Bono: “Capitalism takes more people out of poverty than aid”
Our Senior Fellow George Ayittey met the Irish rock star Bono in July 2007 during a TED conference. Professor Ayittey was speaking and in knowing that Bono would be in the audience, he explains that “I made a special effort to rip into the foreign aid establishment.... Later, Bono said he liked my speech but did not agree with me that foreign aid is not effective in ending poverty. So I gave him a copy of my book, Africa Unchained: The Blueprint for Development.”
Bono (nee Paul David Hewson) is the lead singer in the rock group U2, one of the most successful rock groups in history. Bono also became a major proponent of greatly expanded U.S. foreign aid and other government programs (including debt cancellation) to alleviate the dire plight in the world of HIV/AIDS, malaria, abject poverty, and other issues.
Bono has further been Co-Founder and Managing Director with the venture capital firm, Elevation Partners, and he may well be the world’s wealthiest musician after his investment in the Facebook IPO, which made over $1.5 billion for the firm.
Bono is also a Christian (see here, here, and here). He is an admirer of the work of C.S. Lewis and used Lewis’s book The Screwtape Letters in a music video for the song “Hold Me, Thrill Me, Kiss Me, Kill Me,” the theme song for the film, Batman Forever. More recently, he has indicated in an interview with Jim Daly at Focus on the Family that Lewis might inspire the next U2 album:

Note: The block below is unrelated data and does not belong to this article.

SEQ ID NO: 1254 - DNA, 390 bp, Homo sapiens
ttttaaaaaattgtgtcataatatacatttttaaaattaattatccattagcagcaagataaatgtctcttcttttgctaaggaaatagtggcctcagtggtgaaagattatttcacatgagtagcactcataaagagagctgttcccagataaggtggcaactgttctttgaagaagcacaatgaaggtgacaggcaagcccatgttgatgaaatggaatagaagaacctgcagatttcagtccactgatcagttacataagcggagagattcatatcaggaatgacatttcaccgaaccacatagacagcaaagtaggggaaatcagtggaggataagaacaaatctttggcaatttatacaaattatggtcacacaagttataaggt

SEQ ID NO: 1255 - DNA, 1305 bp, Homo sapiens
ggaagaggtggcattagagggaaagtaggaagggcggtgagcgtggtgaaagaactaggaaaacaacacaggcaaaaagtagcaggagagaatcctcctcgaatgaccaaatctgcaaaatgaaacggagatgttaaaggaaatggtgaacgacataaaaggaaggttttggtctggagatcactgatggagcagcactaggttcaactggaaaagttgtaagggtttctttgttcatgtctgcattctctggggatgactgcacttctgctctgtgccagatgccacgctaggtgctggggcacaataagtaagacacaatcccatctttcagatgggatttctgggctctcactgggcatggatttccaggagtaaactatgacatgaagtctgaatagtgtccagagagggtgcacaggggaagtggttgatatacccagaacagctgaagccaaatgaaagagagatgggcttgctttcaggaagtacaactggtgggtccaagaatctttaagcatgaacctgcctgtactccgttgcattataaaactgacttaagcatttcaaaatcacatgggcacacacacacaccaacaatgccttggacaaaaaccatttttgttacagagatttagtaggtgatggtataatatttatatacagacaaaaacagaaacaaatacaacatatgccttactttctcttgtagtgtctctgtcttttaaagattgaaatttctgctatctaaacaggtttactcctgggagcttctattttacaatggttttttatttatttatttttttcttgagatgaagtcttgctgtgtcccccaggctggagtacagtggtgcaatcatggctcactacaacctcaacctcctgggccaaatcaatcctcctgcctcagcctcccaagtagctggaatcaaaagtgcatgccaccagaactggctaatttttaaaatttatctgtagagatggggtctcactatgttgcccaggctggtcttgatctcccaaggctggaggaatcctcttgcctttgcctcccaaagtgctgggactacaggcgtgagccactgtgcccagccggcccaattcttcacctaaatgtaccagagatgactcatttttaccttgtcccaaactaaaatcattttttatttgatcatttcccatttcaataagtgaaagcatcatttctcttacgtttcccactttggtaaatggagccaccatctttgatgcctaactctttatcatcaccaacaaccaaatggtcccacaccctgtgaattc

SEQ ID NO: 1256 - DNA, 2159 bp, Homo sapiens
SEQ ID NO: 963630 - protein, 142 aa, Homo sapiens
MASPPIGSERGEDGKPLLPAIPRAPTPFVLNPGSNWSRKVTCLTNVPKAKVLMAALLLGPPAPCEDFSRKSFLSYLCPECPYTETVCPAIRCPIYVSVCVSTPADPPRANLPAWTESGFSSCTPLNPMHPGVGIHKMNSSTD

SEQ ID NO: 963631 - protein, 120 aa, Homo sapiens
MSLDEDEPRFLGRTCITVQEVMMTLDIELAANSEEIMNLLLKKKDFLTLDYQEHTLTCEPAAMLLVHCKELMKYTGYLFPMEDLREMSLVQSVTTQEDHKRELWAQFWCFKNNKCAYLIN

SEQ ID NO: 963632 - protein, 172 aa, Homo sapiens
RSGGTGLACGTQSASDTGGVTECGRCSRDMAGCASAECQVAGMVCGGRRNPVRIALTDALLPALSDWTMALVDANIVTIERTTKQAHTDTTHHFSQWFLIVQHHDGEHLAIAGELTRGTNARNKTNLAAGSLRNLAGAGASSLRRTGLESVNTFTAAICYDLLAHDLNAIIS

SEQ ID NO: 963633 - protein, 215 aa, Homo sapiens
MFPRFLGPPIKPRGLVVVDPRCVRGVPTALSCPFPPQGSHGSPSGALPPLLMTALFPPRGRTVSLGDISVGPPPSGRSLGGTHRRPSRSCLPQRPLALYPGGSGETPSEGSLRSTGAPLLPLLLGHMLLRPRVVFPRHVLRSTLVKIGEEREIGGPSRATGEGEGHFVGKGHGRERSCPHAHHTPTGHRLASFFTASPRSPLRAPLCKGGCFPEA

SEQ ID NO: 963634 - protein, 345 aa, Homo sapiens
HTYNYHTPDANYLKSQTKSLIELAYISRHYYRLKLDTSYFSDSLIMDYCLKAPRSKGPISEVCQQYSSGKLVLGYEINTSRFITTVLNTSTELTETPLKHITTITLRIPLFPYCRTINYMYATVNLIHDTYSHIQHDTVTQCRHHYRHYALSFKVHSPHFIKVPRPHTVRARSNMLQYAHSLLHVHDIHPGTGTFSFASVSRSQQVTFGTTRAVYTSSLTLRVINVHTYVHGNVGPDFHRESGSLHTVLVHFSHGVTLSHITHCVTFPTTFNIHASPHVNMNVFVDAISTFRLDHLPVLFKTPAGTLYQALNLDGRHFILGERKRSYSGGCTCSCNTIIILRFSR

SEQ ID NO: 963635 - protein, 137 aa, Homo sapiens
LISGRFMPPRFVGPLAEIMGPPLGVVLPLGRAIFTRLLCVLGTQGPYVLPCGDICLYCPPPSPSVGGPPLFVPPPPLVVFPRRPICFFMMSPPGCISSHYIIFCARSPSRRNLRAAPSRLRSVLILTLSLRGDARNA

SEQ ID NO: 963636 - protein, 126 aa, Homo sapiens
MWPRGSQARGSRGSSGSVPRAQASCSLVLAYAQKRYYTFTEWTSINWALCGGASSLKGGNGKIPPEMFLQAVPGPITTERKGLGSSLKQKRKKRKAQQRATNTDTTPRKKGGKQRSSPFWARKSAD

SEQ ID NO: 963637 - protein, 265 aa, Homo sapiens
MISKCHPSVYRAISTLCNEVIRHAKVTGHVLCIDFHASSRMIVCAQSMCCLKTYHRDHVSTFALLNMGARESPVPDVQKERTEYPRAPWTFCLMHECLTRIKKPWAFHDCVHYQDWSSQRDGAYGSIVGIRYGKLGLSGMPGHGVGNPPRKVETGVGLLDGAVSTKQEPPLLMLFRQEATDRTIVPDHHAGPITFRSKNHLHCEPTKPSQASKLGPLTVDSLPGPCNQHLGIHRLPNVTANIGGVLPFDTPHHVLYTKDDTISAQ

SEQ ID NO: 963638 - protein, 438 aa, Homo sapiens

Bono: It’s very annoying following this Person of Christ around [chuckling], because He’s very demanding of your life.
Daly: It’s very hard.
Bono: And it’s hopeless ... trying to keep up with it.
Daly: In fact, Bono, C. S. Lewis has a great quote which I love: “When a man is getting better, he understands more and more clearly the evil that’s left in him. When a man is getting worse, he understands his own badness less and less.” That is powerful, isn’t it?
Bono: Yeah, it might ... that could turn up on the next U2 album, but I won’t give him or you any credit.
Just recently drawing upon his Christian faith (and possibly the economics influence of Professor Ayittey?), in a speech at Georgetown University, Bono altered his economic and political views and declared that only capitalism can end poverty.
“Aid is just a stopgap,” he said. “Commerce [and] entrepreneurial capitalism take more people out of poverty than aid. We need Africa to become an economic powerhouse.”
Bono encouraged students to think of what they can do to support those in Africa and other developing nations that are in need of justice and comfort.
He compared the effort to how St. Ignatius of Loyola, the founder of the Society of Jesus, made his commitment to serve others.
“That’s what I’m hoping happens here at Georgetown with you,” he said. “Because when you truly accept that those children in some far off place in the global village have the same value as you in God’s eyes or even in just your eyes, then your life is forever changed, you see something that you can’t un-see.”
C.S. Lewis well understood the fallacy and indeed evil of statism in addressing the pains and suffering of our world, and we welcome Bono’s new insights into the matter. And Professor Ayittey’s incisive work can also be found in the Independent Institute book, Making Poor Nations Rich: Entrepreneurship and the Process of Economic Development, edited by Benjamin Powell.